Do you know what to do if you or a family member is confronted with an emergency?
Seconds matter and planning in advance is key. The Evanston Fire Department’s Office of Emergency Management held its first emergency preparedness fair at the Robert Crown Community Center Saturday, Oct. 22 and Sunday, Oct. 23 to help residents prepare for all types of emergencies.
Amid a steady stream of attendees perusing tabletop displays from a variety of city and non-profit organizations and companies, one of the first presentations was by Evanston Police Department Officer Brian Rust on the topic of ALICE Training.
ALICE is an acronym for Alert, Lockdown, Inform, Counter and Evacuate. Developed by two police officers in 2000, it is, according to the Navigate 360 website, “a trauma-informed approach to safety training” that hinges on the belief that “individuals should be prepared for active shooter events and empowered to make their own life-saving decisions.”
Rust is certified in ALICE Training. He is currently working with the EPD to train several other city departments that expressed interest in the training philosophy. “Interest increased after Highland Park,” Rust said. The main point he emphasized to the group on Saturday was for people to pay attention to the situational awareness of their surroundings.
“There is no rulebook. We want people to make good decisions, informed decisions, and to feel empowered to trust their instincts so they are able to get away from the dangerous environment,” said Rust.
He also shared research that showed most active shooter incidents are over within five minutes, well before most law enforcement officers will be on the scene.
He also emphasized that the acronym doesn’t mean that people need to follow the steps in order. If someone recognizes (alert) a situation is dangerous and there is an opportunity to leave (evacuate), then they should take it. Anything that can buy time and allow you to get away will increase the likelihood of survival.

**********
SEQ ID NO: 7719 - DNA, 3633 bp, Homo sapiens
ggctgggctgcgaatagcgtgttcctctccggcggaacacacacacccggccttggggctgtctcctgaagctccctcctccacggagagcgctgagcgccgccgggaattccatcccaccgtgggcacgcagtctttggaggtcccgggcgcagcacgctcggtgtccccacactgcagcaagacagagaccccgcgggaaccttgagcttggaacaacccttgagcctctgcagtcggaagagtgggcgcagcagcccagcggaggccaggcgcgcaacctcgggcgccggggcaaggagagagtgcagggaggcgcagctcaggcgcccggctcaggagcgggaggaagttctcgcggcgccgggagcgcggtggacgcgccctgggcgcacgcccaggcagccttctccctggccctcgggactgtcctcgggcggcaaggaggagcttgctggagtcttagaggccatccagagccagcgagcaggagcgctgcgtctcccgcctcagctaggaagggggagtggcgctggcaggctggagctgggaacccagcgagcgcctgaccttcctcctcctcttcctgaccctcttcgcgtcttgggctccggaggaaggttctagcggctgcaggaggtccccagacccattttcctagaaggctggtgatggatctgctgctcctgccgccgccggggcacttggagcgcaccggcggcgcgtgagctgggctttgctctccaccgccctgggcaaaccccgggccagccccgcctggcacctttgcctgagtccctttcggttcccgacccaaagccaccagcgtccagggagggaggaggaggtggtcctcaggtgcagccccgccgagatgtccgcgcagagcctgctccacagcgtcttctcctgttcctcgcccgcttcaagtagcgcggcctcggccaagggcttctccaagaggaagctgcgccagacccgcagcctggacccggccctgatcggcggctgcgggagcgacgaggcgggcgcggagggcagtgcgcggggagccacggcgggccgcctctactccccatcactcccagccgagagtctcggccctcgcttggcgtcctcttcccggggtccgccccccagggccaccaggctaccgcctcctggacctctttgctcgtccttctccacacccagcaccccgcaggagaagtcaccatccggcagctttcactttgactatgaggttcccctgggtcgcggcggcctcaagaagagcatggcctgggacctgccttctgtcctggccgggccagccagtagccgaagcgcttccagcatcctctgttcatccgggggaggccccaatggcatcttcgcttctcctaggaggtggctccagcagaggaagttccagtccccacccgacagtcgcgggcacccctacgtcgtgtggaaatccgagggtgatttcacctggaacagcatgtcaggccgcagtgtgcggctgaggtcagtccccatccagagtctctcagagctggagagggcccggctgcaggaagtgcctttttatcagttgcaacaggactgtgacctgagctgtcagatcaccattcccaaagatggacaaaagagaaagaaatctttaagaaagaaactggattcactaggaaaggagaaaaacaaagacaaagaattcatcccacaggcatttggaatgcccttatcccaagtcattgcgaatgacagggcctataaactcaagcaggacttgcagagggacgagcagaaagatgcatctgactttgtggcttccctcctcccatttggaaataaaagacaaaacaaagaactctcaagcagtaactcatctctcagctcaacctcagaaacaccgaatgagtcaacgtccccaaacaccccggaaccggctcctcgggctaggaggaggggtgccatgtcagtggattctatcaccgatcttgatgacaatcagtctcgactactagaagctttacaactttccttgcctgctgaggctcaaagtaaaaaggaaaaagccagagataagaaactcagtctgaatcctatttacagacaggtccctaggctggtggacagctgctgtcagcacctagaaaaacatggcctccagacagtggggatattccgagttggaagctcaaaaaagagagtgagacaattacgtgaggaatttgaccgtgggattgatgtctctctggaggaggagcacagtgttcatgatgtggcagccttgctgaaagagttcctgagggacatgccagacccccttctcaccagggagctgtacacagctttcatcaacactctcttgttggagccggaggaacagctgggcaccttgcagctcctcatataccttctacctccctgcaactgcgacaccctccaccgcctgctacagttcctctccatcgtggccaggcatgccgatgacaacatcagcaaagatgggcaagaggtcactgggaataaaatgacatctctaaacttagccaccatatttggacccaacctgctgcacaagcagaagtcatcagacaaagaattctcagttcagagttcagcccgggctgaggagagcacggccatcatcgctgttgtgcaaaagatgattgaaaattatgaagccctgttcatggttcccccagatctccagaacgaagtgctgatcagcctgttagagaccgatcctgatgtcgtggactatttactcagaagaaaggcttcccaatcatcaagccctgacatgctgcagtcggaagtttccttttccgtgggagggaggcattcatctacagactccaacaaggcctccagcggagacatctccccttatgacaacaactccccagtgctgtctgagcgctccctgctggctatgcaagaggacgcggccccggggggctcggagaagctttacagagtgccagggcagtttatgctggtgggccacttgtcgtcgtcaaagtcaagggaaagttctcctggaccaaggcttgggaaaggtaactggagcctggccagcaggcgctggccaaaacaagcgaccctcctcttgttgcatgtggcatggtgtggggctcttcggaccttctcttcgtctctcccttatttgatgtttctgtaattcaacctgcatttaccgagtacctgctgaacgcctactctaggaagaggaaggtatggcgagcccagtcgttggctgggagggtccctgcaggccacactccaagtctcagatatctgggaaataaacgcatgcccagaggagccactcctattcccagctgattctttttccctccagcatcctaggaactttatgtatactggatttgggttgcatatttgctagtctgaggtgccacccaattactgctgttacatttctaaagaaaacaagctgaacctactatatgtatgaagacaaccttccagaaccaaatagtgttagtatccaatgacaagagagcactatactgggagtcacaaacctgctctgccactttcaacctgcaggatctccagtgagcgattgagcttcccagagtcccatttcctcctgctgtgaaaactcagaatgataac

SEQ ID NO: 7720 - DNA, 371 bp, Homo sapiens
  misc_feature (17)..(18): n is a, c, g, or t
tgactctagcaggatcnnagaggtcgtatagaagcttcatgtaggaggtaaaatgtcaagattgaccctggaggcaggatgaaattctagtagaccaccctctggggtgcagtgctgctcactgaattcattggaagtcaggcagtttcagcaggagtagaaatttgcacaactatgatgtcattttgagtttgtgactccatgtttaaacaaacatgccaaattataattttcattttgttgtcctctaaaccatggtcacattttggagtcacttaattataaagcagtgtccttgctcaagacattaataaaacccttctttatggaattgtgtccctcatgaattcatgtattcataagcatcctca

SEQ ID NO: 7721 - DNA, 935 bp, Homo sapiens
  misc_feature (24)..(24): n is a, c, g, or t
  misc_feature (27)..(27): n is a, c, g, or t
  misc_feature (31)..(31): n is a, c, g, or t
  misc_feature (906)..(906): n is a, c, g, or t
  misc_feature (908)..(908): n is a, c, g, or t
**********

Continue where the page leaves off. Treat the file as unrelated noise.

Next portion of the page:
Rust led the discussion by asking questions of the attendees, asking them what they would do in a particular situation. He talked about how to manage the adrenalin rush that comes in an emergency. Deep breathing, so-called balloon breathing, can help regulate heart rate, Rush said.
One preparation suggestion is to pre-load a few important numbers in your cell phone. Everyone knows 911, but do you know the number for EPD’s service desk? It’s 847-866-5000, x0.
Free CPR Classes
Free CPR classes were offered throughout the day in both English and Spanish. Fire Apparatus Operator Jennifer Ceriale, one of the course instructors, has been responsible for the EFD’s CPR program for the past decade.
In that time, thousands of people in and around Evanston have been trained in CPR. The instructors offer monthly programs at Fire Department headquarters, which are open to the public.
In Illinois, CPR training and how to use an automated external defibrillator (AED) is a required component of every high school curriculum since 2014 with the passage of House Bill 3724, also known as the Lauren Laman Bill.
The program offered at the fair “is called the friends and family CPR class, which is not a certifying class, but it gives you all the information and all the tools you need to do CPR,” said Ceriale. Anyone aged 10 and older can learn how to do it.
“The goal of the program is really to get as many people people trained in CPR as we possibly can. And I make the joke that, you know, the more people we train, the greater the chances are that I live longer, right?” Ceriale said.
About 50 people took the free CPR class Saturday and more were trained on Sunday, in both English and Spanish.
Does she believe that providing people with CPR training will save lives?
“Oh, definitely, 100%!,” Ceriale responded unhesitatingly.